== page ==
The latest report by the UN Group of Experts on the Democratic Republic of Congo, released yesterday, exposes how rebel groups and senior commanders of the national army are fighting over and making money from the country’s minerals trade. The findings illustrate how groups responsible for mass rape and murder sustain themselves through international trade. Global Witness is concerned that they may be using their takings to buy arms.
As a UN Security Council resolution, also published yesterday, makes clear, it is urgent that governments and companies do all they can to prevent “conflict minerals” from being sold on world markets.
The Group of Experts report says that units of the national army controlled by a former rebel group are in control of the most mineral-rich areas of North and South Kivu provinces, in eastern Congo. As detailed in previous Global Witness briefings, former rebels of the Congrès national pour la défense du people (CNDP) have gained control of these areas despite having officially become part of the Congolese national army through an early-2009 peace deal. They control areas rich in tin, gold and the rare mineral tantalum, which is a key component in electronic goods.
The report details how the ex-CNDP units are colluding with brutal rebel groups to get as much as they can from the minerals trade. Civilians are routinely forced to work for the army units, and to hand over to them a large part of their meagre earnings. The report details how national army units often put their economic interests above their responsibility to protect civilians. In one telling quote, the Group of Experts cited a local leader in a remote area saying that the first thing newly arrived officers often ask them is: “Where are the mines?”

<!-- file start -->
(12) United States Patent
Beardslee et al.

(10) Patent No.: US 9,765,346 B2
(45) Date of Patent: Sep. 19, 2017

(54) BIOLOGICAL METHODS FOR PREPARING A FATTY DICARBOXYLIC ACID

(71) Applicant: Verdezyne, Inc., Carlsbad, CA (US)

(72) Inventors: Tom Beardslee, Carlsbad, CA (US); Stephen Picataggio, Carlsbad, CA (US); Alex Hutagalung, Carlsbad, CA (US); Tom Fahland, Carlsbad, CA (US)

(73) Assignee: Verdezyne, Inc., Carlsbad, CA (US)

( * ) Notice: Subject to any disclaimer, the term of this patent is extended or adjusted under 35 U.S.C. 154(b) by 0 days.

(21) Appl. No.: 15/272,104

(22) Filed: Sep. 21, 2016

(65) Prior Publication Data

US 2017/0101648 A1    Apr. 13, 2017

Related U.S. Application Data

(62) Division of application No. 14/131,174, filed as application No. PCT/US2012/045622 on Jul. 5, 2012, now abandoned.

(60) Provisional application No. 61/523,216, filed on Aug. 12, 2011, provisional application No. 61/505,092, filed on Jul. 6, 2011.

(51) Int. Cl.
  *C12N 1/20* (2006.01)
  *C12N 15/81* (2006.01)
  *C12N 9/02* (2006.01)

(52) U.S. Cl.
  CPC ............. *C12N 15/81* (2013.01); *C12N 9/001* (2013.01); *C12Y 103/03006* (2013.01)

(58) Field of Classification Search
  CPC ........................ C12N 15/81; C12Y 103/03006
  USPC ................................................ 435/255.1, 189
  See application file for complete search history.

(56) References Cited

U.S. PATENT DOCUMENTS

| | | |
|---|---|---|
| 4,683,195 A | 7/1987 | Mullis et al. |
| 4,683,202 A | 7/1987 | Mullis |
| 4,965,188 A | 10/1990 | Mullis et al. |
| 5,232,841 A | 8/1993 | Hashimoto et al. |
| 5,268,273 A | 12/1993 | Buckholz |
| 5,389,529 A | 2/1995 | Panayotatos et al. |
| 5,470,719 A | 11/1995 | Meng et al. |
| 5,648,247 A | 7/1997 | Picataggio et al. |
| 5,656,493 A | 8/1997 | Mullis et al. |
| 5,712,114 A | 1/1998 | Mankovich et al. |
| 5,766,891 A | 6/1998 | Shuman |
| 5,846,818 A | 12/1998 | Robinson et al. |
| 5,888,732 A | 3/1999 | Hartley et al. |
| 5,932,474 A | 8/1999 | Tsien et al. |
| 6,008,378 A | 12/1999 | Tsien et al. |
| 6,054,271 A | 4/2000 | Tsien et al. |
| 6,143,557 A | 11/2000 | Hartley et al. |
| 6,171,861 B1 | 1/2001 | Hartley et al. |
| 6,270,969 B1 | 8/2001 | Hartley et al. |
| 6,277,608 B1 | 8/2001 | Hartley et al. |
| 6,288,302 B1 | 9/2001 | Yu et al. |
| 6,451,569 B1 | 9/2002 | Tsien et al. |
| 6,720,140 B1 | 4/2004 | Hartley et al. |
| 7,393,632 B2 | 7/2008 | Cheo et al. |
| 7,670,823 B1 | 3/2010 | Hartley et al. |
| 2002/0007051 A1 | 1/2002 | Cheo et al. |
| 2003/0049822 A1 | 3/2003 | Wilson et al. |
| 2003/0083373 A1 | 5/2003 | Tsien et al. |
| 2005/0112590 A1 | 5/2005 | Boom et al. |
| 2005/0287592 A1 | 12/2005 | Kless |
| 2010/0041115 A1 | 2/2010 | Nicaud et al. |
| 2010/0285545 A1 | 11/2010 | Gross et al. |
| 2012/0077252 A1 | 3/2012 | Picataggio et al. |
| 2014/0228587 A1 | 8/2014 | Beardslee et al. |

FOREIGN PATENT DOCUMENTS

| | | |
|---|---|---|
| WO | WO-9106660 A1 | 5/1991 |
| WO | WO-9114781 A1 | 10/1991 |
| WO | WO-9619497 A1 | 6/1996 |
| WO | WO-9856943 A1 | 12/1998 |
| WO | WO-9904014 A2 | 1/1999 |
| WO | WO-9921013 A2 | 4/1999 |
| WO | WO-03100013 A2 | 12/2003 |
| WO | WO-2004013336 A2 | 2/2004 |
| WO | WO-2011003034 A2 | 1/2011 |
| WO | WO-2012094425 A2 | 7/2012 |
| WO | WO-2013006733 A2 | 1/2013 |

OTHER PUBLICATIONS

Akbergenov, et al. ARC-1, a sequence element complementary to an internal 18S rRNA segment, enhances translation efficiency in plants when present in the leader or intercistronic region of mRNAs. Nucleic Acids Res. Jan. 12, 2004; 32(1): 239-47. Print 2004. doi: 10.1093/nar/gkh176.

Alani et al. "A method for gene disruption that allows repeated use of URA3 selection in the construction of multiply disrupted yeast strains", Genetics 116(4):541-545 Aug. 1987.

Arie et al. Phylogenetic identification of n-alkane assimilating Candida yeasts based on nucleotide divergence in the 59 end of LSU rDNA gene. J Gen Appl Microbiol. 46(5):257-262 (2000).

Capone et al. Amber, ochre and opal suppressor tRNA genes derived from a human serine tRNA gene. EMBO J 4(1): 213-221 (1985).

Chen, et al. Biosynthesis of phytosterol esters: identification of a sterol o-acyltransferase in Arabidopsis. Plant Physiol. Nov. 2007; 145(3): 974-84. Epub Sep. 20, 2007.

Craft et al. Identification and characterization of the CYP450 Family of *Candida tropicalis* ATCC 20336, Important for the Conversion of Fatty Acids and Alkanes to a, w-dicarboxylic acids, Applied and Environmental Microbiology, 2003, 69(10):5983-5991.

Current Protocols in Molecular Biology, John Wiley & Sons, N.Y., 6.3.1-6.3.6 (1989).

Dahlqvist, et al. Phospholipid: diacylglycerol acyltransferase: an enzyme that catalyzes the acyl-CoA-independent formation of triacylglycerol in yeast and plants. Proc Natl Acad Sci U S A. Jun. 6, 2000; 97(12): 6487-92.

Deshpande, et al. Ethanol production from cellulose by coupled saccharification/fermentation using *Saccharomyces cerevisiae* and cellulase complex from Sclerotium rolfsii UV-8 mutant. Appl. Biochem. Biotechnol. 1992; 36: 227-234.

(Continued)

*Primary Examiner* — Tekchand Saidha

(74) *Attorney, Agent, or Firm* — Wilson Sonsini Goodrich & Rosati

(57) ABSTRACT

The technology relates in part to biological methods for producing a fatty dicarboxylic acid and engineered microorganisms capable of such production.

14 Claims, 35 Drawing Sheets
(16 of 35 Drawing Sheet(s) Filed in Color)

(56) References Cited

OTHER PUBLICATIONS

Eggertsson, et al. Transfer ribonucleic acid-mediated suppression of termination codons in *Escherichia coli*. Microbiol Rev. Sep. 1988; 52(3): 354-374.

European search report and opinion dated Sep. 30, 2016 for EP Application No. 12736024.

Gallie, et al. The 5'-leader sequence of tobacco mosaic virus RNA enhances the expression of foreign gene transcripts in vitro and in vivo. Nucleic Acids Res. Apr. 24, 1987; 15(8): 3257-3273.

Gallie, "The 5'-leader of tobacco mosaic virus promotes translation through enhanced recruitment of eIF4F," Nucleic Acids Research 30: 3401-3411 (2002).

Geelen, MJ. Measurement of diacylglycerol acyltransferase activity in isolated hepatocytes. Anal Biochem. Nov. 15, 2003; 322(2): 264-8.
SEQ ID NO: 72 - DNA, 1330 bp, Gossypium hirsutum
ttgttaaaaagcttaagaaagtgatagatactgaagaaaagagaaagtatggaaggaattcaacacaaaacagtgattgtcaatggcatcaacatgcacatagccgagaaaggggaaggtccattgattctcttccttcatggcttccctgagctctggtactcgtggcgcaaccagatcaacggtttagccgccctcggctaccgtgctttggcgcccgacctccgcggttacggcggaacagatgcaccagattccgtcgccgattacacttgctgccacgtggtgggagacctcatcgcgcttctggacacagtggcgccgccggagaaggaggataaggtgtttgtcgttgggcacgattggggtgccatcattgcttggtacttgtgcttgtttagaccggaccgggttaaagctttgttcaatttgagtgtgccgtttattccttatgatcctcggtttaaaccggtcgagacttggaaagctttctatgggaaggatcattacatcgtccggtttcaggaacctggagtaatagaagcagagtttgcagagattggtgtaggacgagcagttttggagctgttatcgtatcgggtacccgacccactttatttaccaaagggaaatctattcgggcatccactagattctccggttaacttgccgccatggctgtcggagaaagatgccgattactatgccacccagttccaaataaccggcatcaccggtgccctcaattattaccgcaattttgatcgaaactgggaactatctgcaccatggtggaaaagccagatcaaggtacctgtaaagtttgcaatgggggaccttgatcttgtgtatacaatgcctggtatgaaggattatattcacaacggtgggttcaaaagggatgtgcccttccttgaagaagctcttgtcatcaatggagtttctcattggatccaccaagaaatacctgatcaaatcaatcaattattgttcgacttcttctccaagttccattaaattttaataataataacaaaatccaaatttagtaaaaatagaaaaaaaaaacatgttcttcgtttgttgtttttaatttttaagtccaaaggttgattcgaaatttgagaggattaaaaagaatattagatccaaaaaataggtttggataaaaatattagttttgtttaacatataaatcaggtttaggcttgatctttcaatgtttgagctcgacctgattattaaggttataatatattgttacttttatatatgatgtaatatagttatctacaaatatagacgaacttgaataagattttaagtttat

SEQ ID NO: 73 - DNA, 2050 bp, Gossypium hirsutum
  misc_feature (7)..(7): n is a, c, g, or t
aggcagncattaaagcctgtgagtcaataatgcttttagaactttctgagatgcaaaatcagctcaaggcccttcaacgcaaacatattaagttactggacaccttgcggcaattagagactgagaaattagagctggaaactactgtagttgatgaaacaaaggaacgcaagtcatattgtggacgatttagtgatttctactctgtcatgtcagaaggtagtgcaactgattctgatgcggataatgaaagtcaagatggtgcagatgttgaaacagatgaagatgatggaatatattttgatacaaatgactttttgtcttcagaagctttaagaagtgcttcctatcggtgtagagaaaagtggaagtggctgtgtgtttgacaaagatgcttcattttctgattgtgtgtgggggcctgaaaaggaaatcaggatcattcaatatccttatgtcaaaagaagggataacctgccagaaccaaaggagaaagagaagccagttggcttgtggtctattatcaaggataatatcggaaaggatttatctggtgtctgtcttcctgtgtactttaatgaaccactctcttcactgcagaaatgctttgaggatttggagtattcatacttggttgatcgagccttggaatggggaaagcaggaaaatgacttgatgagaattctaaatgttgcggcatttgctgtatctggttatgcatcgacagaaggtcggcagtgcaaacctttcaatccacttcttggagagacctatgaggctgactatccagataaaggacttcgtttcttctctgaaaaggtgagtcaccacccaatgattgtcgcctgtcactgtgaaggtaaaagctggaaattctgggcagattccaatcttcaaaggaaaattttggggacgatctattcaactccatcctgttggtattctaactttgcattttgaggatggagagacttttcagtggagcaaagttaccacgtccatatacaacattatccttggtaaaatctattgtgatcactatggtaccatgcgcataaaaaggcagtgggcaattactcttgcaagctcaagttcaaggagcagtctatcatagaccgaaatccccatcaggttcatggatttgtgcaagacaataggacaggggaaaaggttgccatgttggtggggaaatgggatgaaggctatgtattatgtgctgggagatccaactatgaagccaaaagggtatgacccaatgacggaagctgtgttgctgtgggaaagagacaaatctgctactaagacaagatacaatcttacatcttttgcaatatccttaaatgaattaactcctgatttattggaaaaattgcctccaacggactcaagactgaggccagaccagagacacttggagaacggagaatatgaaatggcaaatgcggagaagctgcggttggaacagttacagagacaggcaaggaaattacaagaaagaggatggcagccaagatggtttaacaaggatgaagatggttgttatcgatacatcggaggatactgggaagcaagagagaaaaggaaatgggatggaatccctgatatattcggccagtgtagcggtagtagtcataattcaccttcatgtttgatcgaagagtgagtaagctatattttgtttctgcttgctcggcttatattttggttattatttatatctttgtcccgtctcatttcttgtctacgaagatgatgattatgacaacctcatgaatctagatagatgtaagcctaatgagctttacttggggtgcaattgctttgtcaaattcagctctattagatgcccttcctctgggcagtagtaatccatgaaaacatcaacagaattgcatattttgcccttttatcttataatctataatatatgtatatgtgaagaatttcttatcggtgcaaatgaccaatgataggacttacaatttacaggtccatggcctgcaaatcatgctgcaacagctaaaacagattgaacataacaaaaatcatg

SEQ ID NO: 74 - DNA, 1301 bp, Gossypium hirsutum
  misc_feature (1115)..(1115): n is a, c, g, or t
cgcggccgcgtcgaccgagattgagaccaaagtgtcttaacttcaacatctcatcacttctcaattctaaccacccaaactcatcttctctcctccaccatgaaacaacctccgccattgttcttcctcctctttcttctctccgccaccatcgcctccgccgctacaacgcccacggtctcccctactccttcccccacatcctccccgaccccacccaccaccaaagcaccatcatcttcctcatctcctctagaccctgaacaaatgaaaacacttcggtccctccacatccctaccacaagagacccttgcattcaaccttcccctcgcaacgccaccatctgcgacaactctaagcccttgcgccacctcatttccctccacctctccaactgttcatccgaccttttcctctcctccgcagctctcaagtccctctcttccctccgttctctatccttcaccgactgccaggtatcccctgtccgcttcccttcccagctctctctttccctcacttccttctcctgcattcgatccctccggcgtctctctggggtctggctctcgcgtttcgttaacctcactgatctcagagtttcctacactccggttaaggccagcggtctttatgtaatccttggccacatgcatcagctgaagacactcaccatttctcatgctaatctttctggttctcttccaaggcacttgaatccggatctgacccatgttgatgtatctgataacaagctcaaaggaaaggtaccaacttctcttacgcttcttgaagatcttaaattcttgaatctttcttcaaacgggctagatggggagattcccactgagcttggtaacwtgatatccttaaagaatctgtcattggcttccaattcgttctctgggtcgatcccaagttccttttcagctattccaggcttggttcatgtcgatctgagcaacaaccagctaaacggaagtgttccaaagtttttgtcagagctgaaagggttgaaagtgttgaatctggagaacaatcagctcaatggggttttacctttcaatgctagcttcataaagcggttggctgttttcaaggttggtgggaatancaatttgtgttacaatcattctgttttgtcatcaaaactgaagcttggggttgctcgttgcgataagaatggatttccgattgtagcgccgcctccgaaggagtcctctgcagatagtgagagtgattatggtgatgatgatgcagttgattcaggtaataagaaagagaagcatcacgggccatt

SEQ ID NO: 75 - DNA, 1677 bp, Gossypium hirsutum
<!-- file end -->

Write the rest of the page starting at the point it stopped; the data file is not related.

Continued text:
The release of the Group of Experts report coincides with the passage yesterday of a UN Security Council resolution on targeted sanctions concerning Congo. The resolution endorses a set of supply chain control guidelines – known as due diligence – that the Group of Experts have developed for companies importing, processing or consuming minerals from eastern Congo and neighbouring countries. These standards are designed to prevent companies from directly or indirectly financing armed groups and criminal elements of the national army through their purchases of minerals. They are based around a five point framework that Global Witness helped the OECD to develop earlier in the year.
Global Witness welcomes the Council’s resolution. The UN and other international bodies should now put in place an international monitoring system to report on companies’ compliance with the due diligence guidelines. For their part governments should make sure the standards are implemented at a national level by incorporating them into their own domestic legislation.
Global Witness is also calling on the Security Council to impose targeted sanctions on those companies or individuals that are providing support to armed groups in eastern Congo through illicit trade of natural resources. The Council has been threatening to do this for two years now but has so far failed to deliver.